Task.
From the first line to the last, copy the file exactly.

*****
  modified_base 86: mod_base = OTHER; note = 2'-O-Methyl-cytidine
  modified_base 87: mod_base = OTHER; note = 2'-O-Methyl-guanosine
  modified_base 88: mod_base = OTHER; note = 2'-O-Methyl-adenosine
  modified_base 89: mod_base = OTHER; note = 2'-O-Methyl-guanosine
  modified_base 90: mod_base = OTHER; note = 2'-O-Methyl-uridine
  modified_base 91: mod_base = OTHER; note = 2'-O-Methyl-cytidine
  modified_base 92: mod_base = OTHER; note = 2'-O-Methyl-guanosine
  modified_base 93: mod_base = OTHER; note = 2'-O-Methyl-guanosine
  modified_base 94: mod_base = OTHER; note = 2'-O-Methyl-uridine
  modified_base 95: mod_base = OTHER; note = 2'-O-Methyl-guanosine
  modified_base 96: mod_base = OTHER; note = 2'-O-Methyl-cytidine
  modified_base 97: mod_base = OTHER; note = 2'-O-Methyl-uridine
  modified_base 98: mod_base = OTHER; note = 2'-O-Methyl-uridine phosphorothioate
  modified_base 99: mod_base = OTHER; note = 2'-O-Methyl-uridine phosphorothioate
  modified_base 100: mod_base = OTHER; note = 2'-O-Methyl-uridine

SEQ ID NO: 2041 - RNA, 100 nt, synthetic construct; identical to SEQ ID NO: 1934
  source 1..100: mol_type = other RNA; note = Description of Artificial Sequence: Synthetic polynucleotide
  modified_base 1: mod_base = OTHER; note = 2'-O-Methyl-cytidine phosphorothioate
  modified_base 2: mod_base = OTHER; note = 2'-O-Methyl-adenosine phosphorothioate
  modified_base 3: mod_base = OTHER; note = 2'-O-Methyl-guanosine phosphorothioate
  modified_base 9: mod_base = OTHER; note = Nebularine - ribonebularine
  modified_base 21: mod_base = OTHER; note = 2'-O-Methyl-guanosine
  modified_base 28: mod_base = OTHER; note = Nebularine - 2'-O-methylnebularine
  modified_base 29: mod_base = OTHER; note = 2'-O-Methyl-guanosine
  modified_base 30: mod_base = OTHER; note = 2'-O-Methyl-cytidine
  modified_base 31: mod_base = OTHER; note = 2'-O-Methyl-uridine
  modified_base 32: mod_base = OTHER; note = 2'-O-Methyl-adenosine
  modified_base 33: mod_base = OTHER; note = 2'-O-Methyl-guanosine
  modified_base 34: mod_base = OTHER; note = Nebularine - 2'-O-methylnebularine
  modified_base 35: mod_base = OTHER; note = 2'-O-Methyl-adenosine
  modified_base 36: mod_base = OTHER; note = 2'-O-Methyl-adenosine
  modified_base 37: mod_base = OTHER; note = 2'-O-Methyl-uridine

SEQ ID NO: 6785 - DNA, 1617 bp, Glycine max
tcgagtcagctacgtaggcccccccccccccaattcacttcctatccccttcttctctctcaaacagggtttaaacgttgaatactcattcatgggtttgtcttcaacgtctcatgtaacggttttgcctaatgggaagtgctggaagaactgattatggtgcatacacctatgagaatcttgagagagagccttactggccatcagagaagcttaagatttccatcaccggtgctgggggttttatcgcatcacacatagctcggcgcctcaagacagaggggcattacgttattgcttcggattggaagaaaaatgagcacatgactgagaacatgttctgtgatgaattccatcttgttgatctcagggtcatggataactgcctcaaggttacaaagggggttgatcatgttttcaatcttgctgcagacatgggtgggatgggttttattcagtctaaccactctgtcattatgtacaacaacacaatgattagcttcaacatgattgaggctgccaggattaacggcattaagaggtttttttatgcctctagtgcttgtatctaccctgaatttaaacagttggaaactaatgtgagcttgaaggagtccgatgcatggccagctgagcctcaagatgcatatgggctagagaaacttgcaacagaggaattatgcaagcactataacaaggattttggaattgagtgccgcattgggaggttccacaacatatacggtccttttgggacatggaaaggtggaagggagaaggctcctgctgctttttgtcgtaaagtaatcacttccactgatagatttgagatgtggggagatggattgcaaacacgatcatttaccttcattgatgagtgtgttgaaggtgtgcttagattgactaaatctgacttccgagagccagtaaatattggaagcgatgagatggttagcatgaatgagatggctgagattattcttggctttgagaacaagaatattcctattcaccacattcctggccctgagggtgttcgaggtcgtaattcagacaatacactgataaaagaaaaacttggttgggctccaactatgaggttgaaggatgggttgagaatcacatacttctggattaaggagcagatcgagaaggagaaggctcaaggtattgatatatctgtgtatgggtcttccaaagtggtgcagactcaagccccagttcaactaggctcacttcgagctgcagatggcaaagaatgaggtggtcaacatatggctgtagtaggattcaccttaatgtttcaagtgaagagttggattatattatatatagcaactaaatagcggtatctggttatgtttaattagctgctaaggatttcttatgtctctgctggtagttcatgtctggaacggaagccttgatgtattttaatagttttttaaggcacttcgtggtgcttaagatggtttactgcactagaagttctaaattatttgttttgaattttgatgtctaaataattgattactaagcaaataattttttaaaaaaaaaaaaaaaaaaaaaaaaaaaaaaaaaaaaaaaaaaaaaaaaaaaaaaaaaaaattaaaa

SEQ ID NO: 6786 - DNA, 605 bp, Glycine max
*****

  modified_base 86: mod_base = OTHER; note = 2'-O-Methyl-cytidine
  modified_base 87: mod_base = OTHER; note = 2'-O-Methyl-guanosine
  modified_base 88: mod_base = OTHER; note = 2'-O-Methyl-adenosine
  modified_base 89: mod_base = OTHER; note = 2'-O-Methyl-guanosine
  modified_base 90: mod_base = OTHER; note = 2'-O-Methyl-uridine
  modified_base 91: mod_base = OTHER; note = 2'-O-Methyl-cytidine
  modified_base 92: mod_base = OTHER; note = 2'-O-Methyl-guanosine
  modified_base 93: mod_base = OTHER; note = 2'-O-Methyl-guanosine
  modified_base 94: mod_base = OTHER; note = 2'-O-Methyl-uridine
  modified_base 95: mod_base = OTHER; note = 2'-O-Methyl-guanosine
  modified_base 96: mod_base = OTHER; note = 2'-O-Methyl-cytidine
  modified_base 97: mod_base = OTHER; note = 2'-O-Methyl-uridine
  modified_base 98: mod_base = OTHER; note = 2'-O-Methyl-uridine phosphorothioate
  modified_base 99: mod_base = OTHER; note = 2'-O-Methyl-uridine phosphorothioate
  modified_base 100: mod_base = OTHER; note = 2'-O-Methyl-uridine

SEQ ID NO: 2041 - RNA, 100 nt, synthetic construct; identical to SEQ ID NO: 1934
  source 1..100: mol_type = other RNA; note = Description of Artificial Sequence: Synthetic polynucleotide
  modified_base 1: mod_base = OTHER; note = 2'-O-Methyl-cytidine phosphorothioate
  modified_base 2: mod_base = OTHER; note = 2'-O-Methyl-adenosine phosphorothioate
  modified_base 3: mod_base = OTHER; note = 2'-O-Methyl-guanosine phosphorothioate
  modified_base 9: mod_base = OTHER; note = Nebularine - ribonebularine
  modified_base 21: mod_base = OTHER; note = 2'-O-Methyl-guanosine
  modified_base 28: mod_base = OTHER; note = Nebularine - 2'-O-methylnebularine
  modified_base 29: mod_base = OTHER; note = 2'-O-Methyl-guanosine
  modified_base 30: mod_base = OTHER; note = 2'-O-Methyl-cytidine
  modified_base 31: mod_base = OTHER; note = 2'-O-Methyl-uridine
  modified_base 32: mod_base = OTHER; note = 2'-O-Methyl-adenosine
  modified_base 33: mod_base = OTHER; note = 2'-O-Methyl-guanosine
  modified_base 34: mod_base = OTHER; note = Nebularine - 2'-O-methylnebularine
  modified_base 35: mod_base = OTHER; note = 2'-O-Methyl-adenosine
  modified_base 36: mod_base = OTHER; note = 2'-O-Methyl-adenosine
  modified_base 37: mod_base = OTHER; note = 2'-O-Methyl-uridine

SEQ ID NO: 6785 - DNA, 1617 bp, Glycine max
tcgagtcagctacgtaggcccccccccccccaattcacttcctatccccttcttctctctcaaacagggtttaaacgttgaatactcattcatgggtttgtcttcaacgtctcatgtaacggttttgcctaatgggaagtgctggaagaactgattatggtgcatacacctatgagaatcttgagagagagccttactggccatcagagaagcttaagatttccatcaccggtgctgggggttttatcgcatcacacatagctcggcgcctcaagacagaggggcattacgttattgcttcggattggaagaaaaatgagcacatgactgagaacatgttctgtgatgaattccatcttgttgatctcagggtcatggataactgcctcaaggttacaaagggggttgatcatgttttcaatcttgctgcagacatgggtgggatgggttttattcagtctaaccactctgtcattatgtacaacaacacaatgattagcttcaacatgattgaggctgccaggattaacggcattaagaggtttttttatgcctctagtgcttgtatctaccctgaatttaaacagttggaaactaatgtgagcttgaaggagtccgatgcatggccagctgagcctcaagatgcatatgggctagagaaacttgcaacagaggaattatgcaagcactataacaaggattttggaattgagtgccgcattgggaggttccacaacatatacggtccttttgggacatggaaaggtggaagggagaaggctcctgctgctttttgtcgtaaagtaatcacttccactgatagatttgagatgtggggagatggattgcaaacacgatcatttaccttcattgatgagtgtgttgaaggtgtgcttagattgactaaatctgacttccgagagccagtaaatattggaagcgatgagatggttagcatgaatgagatggctgagattattcttggctttgagaacaagaatattcctattcaccacattcctggccctgagggtgttcgaggtcgtaattcagacaatacactgataaaagaaaaacttggttgggctccaactatgaggttgaaggatgggttgagaatcacatacttctggattaaggagcagatcgagaaggagaaggctcaaggtattgatatatctgtgtatgggtcttccaaagtggtgcagactcaagccccagttcaactaggctcacttcgagctgcagatggcaaagaatgaggtggtcaacatatggctgtagtaggattcaccttaatgtttcaagtgaagagttggattatattatatatagcaactaaatagcggtatctggttatgtttaattagctgctaaggatttcttatgtctctgctggtagttcatgtctggaacggaagccttgatgtattttaatagttttttaaggcacttcgtggtgcttaagatggtttactgcactagaagttctaaattatttgttttgaattttgatgtctaaataattgattactaagcaaataattttttaaaaaaaaaaaaaaaaaaaaaaaaaaaaaaaaaaaaaaaaaaaaaaaaaaaaaaaaaaaattaaaa

SEQ ID NO: 6786 - DNA, 605 bp, Glycine max